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A thought Experiment on velocity greater than C

  1. Aug 25, 2009 #1
    Supoose at the center of A huge cylinder of radious say 1km we place a high speed motor of say angular speed w > 3E5 . And in the motor we attach a laser directed towards the walls of the cylinder. When we rotate the motor with the laser lighted, won't the laser point move along the cylinder walls at speed greater than the speed of light?

    (I have attaced a drawing)
     

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  3. Aug 25, 2009 #2
    Yes. "Points" are free to move at any speed. Of course each photon travels at c, and no photons (or masses) are moving "along the cylinder wall".
     
  4. Aug 25, 2009 #3
    THEN this means "something" can travel faster than light as opposed to the famaous quote
    "NOTHING CAN TRAVEL FASTER THAN LIGHT"
     
  5. Aug 25, 2009 #4

    jtbell

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    Correct, that famaous quote is wrong. It is an oversimplification.
     
  6. Aug 25, 2009 #5
    That famous quote is simply not true in SR or GR. It's just a faulty paraphrase.

    The speed limit of c is for particles relative to inertial reference frames only. In your example, no particle exceeds the speed of light.
     
  7. Aug 26, 2009 #6
    Sorry I didn't understand the experiment quite clearly. But acc. to my knowledge optimum speed is the speed of light.
     
  8. Aug 26, 2009 #7

    HallsofIvy

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    In common language "optimum" means "best"! In any case everyone here is agreeing that no physical object (as opposed to a spot of light on a wall) can move faster than light.

    If I aim a very, very bright laser at the moon, and then move it through a small angle, the spot of light it makes on the moon will appear to move across the face of the moon faster than the speed of light. That's the basic concept of the initial post. But neither the laser nor the photons making up the light has moved faster than the speed of light.
     
  9. Aug 26, 2009 #8
    What is the "something" that is traveling faster than c? The points at which the photons strike the cylinder? That's not really a "something".
     
  10. Aug 26, 2009 #9
    Wait a minute. If we consider the spot of light as some sort of information,
    Doesn't this also implies that information has traveled faster than light ?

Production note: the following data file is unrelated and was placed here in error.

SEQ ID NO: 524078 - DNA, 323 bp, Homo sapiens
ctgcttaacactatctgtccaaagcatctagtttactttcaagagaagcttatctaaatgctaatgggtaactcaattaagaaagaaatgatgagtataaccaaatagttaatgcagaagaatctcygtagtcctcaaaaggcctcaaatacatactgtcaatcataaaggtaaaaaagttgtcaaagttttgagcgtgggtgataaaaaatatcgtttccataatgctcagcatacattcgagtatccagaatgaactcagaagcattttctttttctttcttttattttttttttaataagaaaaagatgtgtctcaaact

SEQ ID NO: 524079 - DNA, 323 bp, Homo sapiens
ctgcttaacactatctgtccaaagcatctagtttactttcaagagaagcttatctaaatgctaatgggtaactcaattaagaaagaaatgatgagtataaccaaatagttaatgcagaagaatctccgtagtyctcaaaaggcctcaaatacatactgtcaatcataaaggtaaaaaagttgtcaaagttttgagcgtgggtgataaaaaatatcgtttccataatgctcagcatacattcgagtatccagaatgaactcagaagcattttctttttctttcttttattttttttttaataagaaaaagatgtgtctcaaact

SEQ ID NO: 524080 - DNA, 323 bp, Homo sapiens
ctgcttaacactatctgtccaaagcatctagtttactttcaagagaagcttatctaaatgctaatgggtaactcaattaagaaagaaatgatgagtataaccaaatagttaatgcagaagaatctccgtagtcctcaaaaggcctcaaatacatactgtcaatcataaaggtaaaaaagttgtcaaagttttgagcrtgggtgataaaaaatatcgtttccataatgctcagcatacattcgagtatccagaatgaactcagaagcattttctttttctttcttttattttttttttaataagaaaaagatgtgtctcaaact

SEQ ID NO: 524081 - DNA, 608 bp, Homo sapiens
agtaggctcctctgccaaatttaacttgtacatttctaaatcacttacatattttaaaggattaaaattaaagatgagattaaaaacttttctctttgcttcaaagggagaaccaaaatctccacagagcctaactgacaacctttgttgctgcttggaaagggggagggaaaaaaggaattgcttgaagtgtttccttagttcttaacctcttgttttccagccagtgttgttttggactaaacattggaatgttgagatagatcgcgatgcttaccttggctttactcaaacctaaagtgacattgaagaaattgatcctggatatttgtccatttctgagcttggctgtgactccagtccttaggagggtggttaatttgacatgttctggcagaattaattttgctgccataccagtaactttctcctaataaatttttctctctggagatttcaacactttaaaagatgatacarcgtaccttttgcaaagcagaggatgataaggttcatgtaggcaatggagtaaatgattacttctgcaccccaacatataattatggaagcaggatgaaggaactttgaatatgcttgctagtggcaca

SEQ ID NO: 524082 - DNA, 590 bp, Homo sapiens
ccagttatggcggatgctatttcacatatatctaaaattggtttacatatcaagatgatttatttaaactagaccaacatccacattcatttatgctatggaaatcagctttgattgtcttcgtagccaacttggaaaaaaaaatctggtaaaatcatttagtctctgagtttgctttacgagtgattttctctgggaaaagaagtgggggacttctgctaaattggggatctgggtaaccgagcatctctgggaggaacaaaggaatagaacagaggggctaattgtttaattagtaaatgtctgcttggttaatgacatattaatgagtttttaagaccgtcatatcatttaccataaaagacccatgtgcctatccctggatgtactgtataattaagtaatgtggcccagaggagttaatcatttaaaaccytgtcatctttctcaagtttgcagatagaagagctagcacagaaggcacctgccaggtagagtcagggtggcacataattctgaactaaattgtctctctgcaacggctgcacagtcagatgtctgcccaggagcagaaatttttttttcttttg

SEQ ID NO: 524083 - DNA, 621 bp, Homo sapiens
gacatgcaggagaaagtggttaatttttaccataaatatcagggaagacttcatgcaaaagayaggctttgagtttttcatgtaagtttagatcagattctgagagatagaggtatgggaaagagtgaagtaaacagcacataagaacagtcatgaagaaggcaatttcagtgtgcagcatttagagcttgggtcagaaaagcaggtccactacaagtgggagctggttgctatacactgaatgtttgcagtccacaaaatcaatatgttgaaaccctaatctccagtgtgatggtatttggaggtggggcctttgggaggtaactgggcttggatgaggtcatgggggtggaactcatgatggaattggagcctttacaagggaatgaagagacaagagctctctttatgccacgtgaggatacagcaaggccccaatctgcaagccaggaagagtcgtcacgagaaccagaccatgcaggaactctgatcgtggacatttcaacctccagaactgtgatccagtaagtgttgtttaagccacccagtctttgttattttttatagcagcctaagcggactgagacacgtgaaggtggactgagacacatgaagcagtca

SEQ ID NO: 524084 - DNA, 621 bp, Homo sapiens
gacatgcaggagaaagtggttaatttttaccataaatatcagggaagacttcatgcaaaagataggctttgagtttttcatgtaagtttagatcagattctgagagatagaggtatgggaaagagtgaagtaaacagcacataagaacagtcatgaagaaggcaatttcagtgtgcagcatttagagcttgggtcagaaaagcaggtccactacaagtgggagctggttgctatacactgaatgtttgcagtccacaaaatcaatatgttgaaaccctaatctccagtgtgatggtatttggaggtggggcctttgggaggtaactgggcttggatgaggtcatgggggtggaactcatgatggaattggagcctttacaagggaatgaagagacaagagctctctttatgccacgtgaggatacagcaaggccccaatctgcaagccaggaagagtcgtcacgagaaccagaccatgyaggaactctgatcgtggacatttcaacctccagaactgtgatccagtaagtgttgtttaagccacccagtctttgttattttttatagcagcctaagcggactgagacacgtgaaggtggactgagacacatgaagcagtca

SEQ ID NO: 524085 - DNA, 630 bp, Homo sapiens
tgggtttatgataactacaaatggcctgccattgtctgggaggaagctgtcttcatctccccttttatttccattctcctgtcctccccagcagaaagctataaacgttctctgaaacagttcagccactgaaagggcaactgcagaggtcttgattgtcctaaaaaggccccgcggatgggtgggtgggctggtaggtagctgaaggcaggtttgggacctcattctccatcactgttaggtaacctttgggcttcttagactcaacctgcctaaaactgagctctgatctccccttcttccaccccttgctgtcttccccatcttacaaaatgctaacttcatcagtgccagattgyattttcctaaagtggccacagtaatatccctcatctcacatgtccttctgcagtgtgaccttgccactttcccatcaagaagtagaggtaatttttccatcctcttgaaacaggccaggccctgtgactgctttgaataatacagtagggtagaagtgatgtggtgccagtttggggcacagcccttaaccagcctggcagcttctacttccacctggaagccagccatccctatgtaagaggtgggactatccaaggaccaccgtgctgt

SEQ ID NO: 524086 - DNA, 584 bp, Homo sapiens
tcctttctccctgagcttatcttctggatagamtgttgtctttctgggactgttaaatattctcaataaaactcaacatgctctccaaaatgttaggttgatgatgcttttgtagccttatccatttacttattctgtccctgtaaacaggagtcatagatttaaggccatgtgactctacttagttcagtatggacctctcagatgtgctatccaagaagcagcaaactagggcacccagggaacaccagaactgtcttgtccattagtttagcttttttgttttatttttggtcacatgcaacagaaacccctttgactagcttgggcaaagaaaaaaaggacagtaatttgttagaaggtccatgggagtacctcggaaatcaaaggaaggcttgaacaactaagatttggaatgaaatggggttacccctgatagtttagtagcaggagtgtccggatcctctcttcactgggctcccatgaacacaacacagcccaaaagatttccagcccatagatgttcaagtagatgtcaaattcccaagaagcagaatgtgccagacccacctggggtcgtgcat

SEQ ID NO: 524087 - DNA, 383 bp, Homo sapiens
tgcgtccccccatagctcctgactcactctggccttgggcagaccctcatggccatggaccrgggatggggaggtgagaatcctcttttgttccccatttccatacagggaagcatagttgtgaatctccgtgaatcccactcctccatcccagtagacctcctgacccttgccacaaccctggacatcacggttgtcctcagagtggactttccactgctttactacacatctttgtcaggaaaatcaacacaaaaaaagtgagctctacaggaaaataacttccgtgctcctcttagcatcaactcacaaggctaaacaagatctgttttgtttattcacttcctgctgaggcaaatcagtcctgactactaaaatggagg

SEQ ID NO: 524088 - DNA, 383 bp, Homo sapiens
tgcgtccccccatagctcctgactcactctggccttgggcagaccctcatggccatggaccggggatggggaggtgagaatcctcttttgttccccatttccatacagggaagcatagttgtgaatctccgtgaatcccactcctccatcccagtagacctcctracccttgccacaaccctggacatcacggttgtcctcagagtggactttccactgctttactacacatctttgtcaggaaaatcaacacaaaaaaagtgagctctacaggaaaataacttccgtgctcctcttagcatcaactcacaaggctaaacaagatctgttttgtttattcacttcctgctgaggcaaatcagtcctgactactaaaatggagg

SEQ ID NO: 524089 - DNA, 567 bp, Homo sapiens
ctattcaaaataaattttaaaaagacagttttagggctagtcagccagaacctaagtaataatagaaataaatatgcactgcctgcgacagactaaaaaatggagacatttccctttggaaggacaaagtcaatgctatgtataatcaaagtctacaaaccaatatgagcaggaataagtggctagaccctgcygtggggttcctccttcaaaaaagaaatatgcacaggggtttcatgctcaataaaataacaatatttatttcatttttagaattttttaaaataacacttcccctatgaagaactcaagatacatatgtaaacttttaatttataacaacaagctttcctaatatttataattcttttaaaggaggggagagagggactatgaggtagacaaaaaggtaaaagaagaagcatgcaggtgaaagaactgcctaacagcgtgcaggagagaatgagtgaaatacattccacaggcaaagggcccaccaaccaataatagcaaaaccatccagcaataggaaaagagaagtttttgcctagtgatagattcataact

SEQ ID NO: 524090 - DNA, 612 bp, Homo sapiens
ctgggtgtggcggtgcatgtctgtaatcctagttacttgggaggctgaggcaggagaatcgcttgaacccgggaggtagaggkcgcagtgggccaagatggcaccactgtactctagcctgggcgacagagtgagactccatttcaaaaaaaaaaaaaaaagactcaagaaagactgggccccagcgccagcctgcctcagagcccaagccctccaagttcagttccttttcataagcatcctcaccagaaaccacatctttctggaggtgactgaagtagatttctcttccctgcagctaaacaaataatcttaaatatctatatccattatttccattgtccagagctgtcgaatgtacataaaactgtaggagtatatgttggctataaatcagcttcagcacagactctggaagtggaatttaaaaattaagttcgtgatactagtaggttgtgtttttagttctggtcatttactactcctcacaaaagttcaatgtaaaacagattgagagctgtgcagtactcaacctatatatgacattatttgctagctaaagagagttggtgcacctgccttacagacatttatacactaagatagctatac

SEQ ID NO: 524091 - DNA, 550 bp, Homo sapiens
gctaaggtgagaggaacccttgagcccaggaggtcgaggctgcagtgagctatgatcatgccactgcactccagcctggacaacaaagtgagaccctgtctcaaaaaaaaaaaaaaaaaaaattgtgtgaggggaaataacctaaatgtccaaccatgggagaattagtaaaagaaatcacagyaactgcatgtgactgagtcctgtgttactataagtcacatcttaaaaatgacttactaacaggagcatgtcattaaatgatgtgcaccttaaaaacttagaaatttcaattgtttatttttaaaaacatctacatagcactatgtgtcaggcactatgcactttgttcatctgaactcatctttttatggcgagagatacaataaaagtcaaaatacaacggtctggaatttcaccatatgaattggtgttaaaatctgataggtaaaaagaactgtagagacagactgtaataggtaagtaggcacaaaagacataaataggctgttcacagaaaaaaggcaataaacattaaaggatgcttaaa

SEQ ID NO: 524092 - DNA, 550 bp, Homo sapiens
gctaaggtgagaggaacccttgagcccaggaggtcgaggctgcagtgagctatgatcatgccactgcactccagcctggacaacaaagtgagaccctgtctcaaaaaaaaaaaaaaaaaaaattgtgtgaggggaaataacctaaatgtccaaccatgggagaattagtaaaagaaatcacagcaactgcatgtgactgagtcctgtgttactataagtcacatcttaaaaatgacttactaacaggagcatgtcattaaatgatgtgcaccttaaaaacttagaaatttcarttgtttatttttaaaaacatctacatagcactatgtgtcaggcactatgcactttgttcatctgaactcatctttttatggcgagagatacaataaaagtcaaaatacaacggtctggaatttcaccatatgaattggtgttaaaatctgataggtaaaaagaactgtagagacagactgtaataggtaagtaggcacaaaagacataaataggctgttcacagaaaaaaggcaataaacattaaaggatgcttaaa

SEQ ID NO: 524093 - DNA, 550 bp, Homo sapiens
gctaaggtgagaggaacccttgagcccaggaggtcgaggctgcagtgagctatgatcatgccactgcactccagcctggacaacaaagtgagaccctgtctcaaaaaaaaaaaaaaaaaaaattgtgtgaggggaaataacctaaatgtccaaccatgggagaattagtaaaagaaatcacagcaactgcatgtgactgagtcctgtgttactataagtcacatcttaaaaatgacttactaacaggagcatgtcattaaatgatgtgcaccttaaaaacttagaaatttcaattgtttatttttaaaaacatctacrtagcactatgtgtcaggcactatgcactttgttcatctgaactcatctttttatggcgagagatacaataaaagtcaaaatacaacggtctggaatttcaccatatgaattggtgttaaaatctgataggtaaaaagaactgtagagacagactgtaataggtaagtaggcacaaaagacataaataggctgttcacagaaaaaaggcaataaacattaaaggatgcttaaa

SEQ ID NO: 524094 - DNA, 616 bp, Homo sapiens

11. Aug 26, 2009 #10

    Dale

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    No, the information in the spot has traveled from the laser to the wall at the speed of light. No information traveled from one point on the wall to another.
     
  12. Aug 27, 2009 #11
    These types of reasoning are largely referred to a gorgian arguments. It's like saying "If you are a father, then you must be the father of everything, because you cannot not be a father." It's semantic.
     
  13. Aug 27, 2009 #12

    Janus

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    Think of it this way. One have person standing where the spot of light starts and one that is standing where it moves to. There is no way for the person at the first position to affect the spot in any way that would allow him to use it to send a signal to the second person.
     
  14. Aug 30, 2009 #13
    Yeah, I have now understood this. Thanks Janus.
     
  15. Aug 31, 2009 #14
    What about if there weren't two people, but 1guy moving the laser and on the other side some sort of a digital sensor-platform for example, that would recognise the movement of the laser from one point to the other as one bit of information?
     
    Last edited: Aug 31, 2009
  16. Aug 31, 2009 #15

    A.T.

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    So? What about it?
     
  17. Aug 31, 2009 #16
    Anyway one thats not transferring information faster than light. No one on the cylinder wall can control the laser.
     
  18. Sep 1, 2009 #17
    Sorry, I didn't read the whole thread. I read this:

    and I thought that if you'd have a laser point fixated on the moon, then even a slow movement of the laser on Earth would make the point move very fast(possible FTL) on the moon. And if something would recognise just the smallest movement of the laser in one direction as information, then it(info) would travell FTL. But rereading what HallsofIvy said, the laser only appears to be moving FTL but that doesn't acctualy happen on the face of the moon? Could somebody clear this up for me?
     
  19. Sep 1, 2009 #18
    Do one thing. Arrange two bulbs at a separation of 3e8m. Light one bulb and then turning this off, light another bulb at t=0.5 sec.
    You are now reasoning that the information from one bulb has traveled faster than light to the other bulb.
     
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